The recovery of the Mediterranean mountain attracts large scavengers, as a team of scientists have shown that the areas that have been renatured after the abandonment of human activities are very attractive for species such as the griffon vulture.
The study, whose conclusions have been published in the journal "Scientific Reports", has analyzed over a year more than 120,000 locations thanks to the "GPS" that carry thirty copies of griffon vulture in the Sierra de Cazorla (Jaén).
The griffon vultures (Gyps fulvus) have in Spain one of their most important European shelters, and although for a good part of the twentieth century the population of this scavenger was depleted in the Iberian Peninsula, in recent decades it has recovered, reported today the Higher Council of Scientific Research.
However, it is a vulnerable species, since it depends to a large extent on both the activity of the human being and its management of the landscape and resources.
A work led by the Higher Council for Scientific Research (CSIC), carried out within the framework of a project of the Andalusian Government and with the participation of the Miguel Hernández University, has served to demonstrate that the recovery processes of the Mediterranean mountain are a claim for birds like the griffon vulture.
The scientists examined the land use changes that had been experienced since 1956 in the areas they use to find food in order to characterize the scavenger habitat and study their movements.
"We did not know if the reduction of traditional agricultural and livestock practices determined changes in the search for food of these birds and if this varied in relation to the seasonality or sex of individuals," explained Ainara Cortés Avizanda, co-author of the study and researcher of the Group of ecology and animal demography of the Mediterranean Institute of Advanced Studies (mixed center of the CSIC and the University of the Balearic Islands).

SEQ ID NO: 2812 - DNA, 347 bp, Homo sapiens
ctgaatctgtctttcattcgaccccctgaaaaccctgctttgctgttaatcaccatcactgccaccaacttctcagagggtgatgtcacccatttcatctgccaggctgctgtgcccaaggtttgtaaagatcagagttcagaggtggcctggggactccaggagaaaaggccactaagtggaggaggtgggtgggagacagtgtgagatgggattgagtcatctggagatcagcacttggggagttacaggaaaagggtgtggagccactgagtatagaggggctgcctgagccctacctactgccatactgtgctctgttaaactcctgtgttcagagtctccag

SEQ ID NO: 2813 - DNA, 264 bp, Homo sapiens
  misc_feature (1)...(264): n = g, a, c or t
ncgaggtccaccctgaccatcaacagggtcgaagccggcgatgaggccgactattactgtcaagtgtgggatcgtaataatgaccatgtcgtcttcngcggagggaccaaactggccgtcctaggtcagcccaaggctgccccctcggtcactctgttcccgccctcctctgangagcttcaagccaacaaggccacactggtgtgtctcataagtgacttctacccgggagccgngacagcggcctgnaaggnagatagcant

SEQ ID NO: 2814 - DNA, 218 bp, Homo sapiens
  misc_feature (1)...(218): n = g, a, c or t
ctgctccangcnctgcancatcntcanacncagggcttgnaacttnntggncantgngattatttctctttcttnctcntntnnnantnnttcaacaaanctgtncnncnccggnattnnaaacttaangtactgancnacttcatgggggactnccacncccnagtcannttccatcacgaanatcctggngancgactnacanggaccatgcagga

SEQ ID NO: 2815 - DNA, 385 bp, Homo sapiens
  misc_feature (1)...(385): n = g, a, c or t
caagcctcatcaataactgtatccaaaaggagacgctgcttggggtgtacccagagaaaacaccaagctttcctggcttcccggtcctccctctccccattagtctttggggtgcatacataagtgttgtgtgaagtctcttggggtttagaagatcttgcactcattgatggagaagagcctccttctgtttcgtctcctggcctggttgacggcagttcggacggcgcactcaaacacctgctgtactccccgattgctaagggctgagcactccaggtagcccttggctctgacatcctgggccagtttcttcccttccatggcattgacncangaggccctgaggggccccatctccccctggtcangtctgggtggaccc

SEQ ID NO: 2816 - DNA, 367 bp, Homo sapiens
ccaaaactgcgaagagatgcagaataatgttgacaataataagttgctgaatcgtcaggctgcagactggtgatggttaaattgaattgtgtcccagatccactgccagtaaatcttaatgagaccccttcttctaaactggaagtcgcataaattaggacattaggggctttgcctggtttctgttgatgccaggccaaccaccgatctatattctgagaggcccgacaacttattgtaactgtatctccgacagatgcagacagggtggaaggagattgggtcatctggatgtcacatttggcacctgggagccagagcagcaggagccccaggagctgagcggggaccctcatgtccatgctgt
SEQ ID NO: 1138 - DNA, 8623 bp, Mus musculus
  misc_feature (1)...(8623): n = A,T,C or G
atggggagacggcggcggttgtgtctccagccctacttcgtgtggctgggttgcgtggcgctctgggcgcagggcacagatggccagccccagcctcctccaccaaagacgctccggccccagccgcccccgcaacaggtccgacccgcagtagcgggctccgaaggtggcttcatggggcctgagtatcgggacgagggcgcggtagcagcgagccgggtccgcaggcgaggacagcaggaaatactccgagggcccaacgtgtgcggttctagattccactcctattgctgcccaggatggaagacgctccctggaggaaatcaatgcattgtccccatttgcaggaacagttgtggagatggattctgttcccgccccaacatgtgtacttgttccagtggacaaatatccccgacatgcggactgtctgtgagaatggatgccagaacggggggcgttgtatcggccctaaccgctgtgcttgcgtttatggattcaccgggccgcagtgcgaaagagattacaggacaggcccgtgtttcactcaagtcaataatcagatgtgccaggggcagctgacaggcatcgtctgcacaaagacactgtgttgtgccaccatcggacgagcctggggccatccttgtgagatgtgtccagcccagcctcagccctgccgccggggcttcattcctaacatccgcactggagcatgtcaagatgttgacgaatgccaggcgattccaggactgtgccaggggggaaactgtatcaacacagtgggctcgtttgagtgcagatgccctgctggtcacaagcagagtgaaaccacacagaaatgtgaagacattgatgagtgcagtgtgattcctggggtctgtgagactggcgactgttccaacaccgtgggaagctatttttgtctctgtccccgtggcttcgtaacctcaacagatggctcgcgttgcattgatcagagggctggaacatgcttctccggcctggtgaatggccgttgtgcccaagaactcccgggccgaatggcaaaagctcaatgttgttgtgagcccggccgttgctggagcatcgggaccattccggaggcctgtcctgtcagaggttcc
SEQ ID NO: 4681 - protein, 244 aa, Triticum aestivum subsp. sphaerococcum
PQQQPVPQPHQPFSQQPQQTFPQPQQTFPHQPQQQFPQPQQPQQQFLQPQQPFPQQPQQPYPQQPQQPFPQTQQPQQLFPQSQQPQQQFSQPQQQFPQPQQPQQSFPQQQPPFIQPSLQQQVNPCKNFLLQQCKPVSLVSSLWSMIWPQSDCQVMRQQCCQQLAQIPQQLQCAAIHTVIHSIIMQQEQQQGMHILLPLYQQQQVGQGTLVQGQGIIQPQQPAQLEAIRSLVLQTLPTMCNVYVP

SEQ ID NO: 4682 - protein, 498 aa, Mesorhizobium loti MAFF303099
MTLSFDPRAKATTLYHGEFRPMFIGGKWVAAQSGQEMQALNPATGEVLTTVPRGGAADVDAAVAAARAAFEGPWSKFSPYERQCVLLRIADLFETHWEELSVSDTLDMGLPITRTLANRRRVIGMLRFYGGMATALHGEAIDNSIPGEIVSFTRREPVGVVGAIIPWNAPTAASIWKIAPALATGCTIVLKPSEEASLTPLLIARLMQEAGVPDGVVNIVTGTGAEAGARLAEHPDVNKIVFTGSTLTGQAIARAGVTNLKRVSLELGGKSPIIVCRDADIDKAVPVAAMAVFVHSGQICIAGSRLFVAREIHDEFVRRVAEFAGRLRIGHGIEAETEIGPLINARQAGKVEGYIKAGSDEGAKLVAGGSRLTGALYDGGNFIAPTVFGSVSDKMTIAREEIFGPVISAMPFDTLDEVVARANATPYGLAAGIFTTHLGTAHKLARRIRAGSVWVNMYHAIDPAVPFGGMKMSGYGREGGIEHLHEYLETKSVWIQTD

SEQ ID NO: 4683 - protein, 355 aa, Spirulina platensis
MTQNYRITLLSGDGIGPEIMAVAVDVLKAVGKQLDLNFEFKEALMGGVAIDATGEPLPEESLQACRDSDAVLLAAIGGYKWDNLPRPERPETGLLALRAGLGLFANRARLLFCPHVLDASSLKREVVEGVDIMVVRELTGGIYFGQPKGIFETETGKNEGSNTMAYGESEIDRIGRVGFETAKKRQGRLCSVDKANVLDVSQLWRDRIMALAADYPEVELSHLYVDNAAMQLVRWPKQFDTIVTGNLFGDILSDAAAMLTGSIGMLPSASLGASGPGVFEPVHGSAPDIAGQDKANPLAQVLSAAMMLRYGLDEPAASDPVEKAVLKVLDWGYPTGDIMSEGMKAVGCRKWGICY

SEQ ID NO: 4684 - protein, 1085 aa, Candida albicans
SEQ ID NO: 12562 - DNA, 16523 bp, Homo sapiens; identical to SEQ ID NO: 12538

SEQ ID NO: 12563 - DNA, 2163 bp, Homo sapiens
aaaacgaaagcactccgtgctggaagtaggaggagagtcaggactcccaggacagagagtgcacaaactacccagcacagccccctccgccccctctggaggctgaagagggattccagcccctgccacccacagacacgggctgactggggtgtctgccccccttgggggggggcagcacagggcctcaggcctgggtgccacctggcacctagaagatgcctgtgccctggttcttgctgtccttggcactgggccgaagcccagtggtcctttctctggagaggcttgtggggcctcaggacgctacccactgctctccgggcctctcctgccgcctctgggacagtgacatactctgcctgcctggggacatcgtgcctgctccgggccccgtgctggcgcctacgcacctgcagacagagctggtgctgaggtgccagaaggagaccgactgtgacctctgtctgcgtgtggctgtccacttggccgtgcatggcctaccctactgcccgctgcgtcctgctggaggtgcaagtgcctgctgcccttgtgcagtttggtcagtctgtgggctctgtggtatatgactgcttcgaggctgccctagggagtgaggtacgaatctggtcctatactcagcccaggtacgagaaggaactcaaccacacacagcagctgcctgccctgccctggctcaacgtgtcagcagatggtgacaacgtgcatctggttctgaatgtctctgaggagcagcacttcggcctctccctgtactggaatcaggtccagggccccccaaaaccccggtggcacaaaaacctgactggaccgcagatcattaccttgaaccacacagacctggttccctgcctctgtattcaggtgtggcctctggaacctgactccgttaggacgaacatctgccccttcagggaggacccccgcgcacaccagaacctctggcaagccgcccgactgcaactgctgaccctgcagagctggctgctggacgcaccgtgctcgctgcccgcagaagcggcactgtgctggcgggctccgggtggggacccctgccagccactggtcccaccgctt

According to Paula Martín-Díaz, a researcher at the Doñana Biological Station and the Pablo de Olavide University, the study has shown that the areas that were being renatured, recovering the original Mediterranean vegetation, were more attractive to vultures, "probably because the availability of wild ungulate carrions, such as deer and wild boar, was higher than in other areas. ”
Renaturalization is an increasingly frequent process in Europe as a result of rural depopulation and changes in agricultural and livestock uses, and therefore, according to the researchers, “this finding is key to understanding more deeply the services that scavengers provide to the human being through the elimination of remains of monterias and cattle ”.